In recognition of his scientific contributions and the manner in which he places them in a social context, Albert Heck has been appointed Distinguished Professor of the Faculty of Science as of 1 November. Heck has served as Professor of Biomolecular Mass Spectrometry and Proteomics at the departments of Chemistry and Pharmaceutical Sciences since 1998. His leadership in the field was confirmed last year with the award of the Spinoza Prize, the Netherlands’ highest scientific honour.
The Faculty Board also praised the important contributions that Heck has made to the cooperation within Science for Life and in enhancing the programme’s reputation. With his interdisciplinary approach to Life Sciences research, he plays an active role in the integration of the various disciplines. Also he has always paid attention to the importance of communicating his fundamental research to the public at large.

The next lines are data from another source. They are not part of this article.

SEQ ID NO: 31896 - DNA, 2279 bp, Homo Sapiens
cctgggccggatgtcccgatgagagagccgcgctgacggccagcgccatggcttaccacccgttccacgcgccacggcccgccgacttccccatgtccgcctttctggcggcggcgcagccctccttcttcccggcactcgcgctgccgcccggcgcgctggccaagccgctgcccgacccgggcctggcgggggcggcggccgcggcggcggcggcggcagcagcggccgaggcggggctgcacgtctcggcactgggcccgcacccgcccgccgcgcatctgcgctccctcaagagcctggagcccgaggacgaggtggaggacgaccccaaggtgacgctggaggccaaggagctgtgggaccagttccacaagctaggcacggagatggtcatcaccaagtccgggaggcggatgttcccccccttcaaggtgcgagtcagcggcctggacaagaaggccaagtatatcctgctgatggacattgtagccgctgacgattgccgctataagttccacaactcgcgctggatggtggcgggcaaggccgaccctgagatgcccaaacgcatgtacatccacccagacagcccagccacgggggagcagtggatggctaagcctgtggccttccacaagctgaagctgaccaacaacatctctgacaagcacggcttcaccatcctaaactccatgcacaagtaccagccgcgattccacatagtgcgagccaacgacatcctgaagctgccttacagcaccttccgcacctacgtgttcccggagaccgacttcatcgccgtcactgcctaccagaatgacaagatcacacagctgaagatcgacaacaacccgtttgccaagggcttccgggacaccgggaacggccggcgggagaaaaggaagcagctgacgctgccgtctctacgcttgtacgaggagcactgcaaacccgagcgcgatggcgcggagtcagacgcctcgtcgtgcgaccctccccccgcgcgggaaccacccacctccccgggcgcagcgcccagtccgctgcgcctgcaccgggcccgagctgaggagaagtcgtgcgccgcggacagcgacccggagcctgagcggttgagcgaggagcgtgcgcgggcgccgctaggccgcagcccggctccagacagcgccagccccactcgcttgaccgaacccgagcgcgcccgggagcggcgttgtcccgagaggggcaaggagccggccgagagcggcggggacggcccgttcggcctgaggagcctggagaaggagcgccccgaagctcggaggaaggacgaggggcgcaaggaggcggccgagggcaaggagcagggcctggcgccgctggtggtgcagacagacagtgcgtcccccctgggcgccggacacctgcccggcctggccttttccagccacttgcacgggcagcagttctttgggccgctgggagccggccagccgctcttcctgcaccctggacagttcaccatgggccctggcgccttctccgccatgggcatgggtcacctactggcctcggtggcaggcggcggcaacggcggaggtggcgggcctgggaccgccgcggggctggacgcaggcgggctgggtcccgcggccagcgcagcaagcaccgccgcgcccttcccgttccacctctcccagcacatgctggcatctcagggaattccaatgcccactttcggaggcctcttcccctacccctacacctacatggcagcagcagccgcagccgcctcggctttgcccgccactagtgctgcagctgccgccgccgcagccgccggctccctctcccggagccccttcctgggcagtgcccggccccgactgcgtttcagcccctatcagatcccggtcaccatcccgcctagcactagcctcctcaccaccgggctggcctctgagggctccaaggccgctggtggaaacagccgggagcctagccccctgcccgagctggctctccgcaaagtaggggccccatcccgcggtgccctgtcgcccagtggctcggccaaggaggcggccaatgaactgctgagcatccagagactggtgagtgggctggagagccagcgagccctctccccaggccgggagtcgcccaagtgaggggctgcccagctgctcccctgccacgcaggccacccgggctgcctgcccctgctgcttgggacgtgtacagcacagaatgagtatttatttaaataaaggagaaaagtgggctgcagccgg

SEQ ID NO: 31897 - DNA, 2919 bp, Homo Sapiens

Pioneer in mass spectrometry and proteomics
Heck is a pioneer in the field of mass spectrometry and proteomics: the study of all or part of the proteins in an organism, and how they interact, using mass spectrometry technology. His expertise in the technical development of mass spectrometry and large-scale protein research has made him a much sought-after partner in international research. Techniques he has developed are used in biomedical laboratories around the world.
Science publication in Nobel presentation
One recent example of his contributions to ground-breaking research is a recent publication in Science about one of the oldest biological clocks in the world. In early October, the Nobel Prize committee used an illustration from this publication as an example of the importance of the Nobel Prizes awarded in the fields of Chemistry and Medicine.